Section Zero #1 is published by Image Comics, written by Karl Kesel, illustrated by Karl Kesel and Tom Grummett, colored by Comicraft’s Richard Starkings, and lettered by Walter Simonson and Jeremy Colwell. The comic follows the secret team of Sam, Tina, and Tesla as they investigate any alien-related activity all over the world. While on a mission in Saitok, they meet Thom, who’s come a long way from home trying to make sense of something strange happening in this life.
I wasn’t quite sure what to expect from the comic, but the tag line and the cover instantly caught my attention. The premise of a team hunting down aliens isn’t something new, but the creative team have found a way of making it unique. The way the comic’s central character Sam looks reminds me a lot of Arnold Schwarzenegger’s character from the first Predator movie. Tina, on the other hand, reminds me of Ripley from the Alien series in the way she carries herself. Having two iconic science fiction characters be embodied within Sam and Tina is incredible. These are two of my favorite series, so any time they’re shown appreciation is amazing to see.
As I read this comic, it felt like I was watching an episode of The X Files. This would’ve fit nicely into one of the episodes of the show during its original run. A lot of the banter that Sam and Tina share is very reminiscent of Scully and Mulder’s banter. It’s not just these characters, but the kind of work that they do and the way the organization operates does seem to take influence from the show.
With this being a six part comic series, I’m glad that the team has already been established. I would love to see more of how they came together as a team, but it’s great to know the comic doesn’t need to worry about setting them up as a unit. The character design for each member suits their personality.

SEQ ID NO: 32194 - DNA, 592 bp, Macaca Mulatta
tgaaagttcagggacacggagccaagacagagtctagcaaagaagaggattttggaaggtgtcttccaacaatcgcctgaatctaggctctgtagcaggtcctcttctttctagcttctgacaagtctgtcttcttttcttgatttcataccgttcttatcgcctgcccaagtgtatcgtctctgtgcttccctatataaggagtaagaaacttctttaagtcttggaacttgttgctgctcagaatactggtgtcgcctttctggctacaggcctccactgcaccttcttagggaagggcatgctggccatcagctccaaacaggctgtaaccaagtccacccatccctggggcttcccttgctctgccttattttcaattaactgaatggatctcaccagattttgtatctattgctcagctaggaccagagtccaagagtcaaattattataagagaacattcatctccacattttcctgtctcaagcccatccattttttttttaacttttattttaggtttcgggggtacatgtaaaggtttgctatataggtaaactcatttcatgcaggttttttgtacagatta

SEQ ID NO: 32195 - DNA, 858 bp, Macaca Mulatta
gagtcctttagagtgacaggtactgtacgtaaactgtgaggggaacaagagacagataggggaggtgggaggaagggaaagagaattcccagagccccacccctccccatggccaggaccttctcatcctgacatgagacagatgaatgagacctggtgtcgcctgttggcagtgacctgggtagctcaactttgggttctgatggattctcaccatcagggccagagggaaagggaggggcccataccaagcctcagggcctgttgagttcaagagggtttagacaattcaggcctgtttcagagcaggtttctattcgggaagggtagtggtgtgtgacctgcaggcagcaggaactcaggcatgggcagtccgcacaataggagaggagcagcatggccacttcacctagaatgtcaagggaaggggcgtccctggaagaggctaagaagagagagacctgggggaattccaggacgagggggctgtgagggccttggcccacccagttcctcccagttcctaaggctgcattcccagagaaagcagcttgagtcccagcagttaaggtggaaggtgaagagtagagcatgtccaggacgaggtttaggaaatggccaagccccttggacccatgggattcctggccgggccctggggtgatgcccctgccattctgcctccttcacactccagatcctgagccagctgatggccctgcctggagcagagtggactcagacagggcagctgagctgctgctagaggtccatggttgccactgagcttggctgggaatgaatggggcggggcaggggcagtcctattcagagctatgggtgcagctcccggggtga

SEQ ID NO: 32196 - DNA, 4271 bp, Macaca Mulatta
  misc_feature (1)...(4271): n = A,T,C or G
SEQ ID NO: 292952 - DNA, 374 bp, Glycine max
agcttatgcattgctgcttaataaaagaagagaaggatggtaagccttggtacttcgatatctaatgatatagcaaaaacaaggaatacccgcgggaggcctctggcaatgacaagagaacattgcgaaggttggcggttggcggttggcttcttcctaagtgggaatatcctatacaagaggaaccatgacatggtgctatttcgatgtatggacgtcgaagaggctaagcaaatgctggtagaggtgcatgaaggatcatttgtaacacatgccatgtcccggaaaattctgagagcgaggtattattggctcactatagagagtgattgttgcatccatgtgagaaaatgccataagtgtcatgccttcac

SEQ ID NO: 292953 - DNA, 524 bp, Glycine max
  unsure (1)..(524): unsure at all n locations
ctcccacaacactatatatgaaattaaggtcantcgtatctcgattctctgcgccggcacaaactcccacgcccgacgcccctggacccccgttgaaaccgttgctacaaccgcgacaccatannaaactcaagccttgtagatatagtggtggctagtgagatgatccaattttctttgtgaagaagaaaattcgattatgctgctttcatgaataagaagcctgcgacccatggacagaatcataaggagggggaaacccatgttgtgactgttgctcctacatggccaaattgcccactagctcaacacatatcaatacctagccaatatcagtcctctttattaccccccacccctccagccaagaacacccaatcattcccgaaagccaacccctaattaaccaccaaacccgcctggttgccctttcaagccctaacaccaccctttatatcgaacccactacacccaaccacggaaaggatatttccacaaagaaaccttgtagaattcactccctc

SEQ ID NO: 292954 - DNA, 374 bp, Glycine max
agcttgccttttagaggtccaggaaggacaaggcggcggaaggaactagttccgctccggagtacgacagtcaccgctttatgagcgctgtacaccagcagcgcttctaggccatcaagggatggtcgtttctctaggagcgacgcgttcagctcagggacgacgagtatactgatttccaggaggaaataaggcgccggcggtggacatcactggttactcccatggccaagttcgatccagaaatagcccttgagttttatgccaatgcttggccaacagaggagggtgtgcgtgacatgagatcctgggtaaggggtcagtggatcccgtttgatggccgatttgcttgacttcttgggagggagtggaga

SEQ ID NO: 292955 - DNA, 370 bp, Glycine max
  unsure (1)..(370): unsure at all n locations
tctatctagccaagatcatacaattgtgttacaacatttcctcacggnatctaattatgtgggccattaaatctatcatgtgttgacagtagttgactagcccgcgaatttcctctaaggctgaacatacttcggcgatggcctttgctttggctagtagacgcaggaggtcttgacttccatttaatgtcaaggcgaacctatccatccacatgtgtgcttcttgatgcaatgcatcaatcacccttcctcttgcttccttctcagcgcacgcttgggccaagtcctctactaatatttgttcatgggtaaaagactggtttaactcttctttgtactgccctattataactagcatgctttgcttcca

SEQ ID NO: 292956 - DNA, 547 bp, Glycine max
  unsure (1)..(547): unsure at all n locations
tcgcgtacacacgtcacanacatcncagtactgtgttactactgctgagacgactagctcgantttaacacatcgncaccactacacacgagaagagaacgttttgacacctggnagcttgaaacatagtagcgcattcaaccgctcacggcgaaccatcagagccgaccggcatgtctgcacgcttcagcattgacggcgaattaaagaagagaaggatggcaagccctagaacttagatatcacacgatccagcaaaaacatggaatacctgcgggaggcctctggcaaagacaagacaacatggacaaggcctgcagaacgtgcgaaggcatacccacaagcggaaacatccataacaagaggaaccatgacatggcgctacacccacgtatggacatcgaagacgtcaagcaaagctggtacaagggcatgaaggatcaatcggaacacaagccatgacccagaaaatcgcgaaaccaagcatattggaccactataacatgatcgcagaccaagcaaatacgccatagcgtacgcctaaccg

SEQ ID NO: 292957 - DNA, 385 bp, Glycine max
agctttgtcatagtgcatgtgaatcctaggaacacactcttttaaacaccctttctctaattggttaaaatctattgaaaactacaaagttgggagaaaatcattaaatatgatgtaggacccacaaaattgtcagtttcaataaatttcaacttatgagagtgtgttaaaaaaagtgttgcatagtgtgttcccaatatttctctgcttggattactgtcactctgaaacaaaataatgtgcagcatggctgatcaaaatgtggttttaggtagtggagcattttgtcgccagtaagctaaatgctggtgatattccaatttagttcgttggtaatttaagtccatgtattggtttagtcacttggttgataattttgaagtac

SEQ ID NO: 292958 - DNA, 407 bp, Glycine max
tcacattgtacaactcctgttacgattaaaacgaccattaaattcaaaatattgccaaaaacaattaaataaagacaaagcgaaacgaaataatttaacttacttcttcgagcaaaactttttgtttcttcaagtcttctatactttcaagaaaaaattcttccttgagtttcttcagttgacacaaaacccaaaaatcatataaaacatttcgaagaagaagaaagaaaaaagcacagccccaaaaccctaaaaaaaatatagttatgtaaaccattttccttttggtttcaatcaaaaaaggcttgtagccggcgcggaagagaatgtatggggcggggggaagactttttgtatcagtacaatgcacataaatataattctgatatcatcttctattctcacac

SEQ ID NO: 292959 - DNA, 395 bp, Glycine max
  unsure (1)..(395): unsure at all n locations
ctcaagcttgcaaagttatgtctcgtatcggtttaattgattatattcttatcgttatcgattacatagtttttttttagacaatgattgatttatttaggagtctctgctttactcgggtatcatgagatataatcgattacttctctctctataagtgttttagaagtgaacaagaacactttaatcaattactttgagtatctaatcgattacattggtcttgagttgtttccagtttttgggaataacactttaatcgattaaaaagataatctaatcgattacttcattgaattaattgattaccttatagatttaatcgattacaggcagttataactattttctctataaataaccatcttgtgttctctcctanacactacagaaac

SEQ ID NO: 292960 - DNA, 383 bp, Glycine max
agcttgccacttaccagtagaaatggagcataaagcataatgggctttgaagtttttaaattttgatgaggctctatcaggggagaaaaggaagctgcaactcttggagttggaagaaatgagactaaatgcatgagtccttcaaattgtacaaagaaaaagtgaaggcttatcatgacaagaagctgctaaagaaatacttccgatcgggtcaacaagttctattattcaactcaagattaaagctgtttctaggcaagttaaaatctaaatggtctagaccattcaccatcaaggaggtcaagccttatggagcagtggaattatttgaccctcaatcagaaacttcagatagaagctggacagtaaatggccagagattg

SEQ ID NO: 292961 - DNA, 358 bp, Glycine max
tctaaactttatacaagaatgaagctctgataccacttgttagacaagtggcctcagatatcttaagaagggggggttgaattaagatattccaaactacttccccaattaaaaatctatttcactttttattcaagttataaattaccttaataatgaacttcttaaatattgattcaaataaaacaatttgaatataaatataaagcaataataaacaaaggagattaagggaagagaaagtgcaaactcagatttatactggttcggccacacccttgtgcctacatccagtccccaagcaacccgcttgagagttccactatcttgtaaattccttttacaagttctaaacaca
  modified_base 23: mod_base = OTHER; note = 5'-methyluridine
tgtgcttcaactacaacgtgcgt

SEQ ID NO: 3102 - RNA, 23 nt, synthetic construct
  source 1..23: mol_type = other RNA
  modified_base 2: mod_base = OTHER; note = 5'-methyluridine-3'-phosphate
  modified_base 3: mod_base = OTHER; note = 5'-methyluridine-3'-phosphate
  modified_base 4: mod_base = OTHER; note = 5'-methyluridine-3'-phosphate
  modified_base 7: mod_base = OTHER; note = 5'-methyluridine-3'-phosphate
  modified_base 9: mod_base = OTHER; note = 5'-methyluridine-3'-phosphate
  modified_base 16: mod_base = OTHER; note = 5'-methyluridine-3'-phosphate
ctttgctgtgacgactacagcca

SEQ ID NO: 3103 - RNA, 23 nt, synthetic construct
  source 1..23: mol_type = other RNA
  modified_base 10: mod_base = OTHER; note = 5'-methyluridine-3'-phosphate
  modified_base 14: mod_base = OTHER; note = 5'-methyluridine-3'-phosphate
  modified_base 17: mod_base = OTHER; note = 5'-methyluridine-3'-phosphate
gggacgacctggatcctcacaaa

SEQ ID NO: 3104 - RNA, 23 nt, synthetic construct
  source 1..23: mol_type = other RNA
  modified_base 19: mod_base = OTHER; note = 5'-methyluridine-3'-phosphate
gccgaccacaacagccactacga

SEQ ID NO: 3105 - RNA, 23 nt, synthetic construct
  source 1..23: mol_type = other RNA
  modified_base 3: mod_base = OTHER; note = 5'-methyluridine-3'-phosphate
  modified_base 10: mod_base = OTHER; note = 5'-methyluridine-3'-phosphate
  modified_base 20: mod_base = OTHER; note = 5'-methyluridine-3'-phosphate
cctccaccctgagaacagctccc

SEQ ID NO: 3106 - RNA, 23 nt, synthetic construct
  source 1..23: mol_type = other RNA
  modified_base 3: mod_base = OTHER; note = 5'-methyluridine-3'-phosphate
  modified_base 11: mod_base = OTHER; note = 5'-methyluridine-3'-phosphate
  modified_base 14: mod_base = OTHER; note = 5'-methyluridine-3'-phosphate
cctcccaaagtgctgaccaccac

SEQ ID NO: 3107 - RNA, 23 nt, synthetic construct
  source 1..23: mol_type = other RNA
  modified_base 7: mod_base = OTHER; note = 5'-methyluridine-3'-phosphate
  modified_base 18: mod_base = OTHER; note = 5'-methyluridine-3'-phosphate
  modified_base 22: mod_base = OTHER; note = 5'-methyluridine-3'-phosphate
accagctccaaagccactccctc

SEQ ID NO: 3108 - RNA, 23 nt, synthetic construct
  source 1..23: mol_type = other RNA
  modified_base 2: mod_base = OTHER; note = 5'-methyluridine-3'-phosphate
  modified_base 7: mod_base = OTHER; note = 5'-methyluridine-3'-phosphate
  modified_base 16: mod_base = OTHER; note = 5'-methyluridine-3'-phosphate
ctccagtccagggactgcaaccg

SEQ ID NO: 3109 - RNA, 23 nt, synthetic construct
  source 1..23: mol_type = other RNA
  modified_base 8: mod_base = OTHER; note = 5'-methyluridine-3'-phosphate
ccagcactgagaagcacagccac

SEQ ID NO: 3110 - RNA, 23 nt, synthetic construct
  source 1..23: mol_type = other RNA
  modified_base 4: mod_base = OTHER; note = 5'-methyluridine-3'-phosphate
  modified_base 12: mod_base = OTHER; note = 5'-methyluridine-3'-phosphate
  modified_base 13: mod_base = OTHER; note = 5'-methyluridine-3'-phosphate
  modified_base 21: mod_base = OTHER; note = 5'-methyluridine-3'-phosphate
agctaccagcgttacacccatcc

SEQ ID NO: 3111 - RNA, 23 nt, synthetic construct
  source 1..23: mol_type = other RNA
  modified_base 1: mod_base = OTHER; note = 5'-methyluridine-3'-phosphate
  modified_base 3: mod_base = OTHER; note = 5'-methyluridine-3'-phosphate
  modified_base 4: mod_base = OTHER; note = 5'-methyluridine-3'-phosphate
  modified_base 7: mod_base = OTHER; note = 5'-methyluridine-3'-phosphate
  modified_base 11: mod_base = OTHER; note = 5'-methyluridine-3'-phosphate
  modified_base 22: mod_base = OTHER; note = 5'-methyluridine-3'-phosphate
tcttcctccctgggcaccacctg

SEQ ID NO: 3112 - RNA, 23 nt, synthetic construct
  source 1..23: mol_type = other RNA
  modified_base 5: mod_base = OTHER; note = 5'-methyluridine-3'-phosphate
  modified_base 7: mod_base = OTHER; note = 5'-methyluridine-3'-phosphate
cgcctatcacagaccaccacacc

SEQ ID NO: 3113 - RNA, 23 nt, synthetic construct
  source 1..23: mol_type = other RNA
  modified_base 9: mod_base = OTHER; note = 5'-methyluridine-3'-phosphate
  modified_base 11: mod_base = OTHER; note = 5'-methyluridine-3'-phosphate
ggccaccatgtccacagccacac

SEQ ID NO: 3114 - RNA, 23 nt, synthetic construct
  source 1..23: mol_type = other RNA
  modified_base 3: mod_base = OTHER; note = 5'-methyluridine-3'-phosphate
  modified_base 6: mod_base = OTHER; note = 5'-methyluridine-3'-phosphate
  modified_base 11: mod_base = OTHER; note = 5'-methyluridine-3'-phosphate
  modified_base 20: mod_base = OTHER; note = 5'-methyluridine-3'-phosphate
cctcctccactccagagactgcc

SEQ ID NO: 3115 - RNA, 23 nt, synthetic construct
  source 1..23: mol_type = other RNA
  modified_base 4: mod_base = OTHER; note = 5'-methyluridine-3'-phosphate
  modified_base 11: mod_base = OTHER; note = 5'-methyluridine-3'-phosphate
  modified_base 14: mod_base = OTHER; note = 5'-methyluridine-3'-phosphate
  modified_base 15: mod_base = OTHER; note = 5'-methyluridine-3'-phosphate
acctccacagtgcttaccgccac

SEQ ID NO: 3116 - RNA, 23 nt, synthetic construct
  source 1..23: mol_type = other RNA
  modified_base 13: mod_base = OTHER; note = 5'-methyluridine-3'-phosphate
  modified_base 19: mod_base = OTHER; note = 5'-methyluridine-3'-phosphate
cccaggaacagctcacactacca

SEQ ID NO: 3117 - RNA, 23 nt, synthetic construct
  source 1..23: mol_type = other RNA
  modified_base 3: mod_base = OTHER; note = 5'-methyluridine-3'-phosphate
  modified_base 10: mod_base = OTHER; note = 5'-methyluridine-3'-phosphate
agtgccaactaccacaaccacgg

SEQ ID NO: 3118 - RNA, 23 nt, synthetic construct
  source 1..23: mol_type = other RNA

However, there was one particular instance that threw me off for a bit. It mainly has to do with the direction that the comic seems to be going in. Without going into spoilers, it seemed a bit predictable. It falls under the trope of needing to set up a villain but without any real surprise. It may have seemed a bit too early for the reveal. I’m not saying it should’ve been dragged on, but even if this is the first issue of a six-part series, it still feels a bit soon. It would’ve had such a great payoff had Kesel held on.
Overall, I quite enjoyed reading this comic. Like I said, it does seem a bit predictable in terms of who the villain could probably be, but the way the comic ended automatically leaves me wanting to find out what comes next. We’ll get to see the agents dealing with a new mission and see how they function as a team. I’ll definitely be on the lookout for the next issue.
Section Zero is available now wherever comic books are sold.
Section Zero #1
it does seem a bit predictable in terms of who the villain could probably be, but the way the comic ended automatically leaves me wanting to find out what comes next.
Nicolas is a pop culture critic, focusing primarily on film, tv. anime, and manga. He has a Bachelor of Arts degree in English Literature from San Francisco State University, which shapes the way he analyzes his work.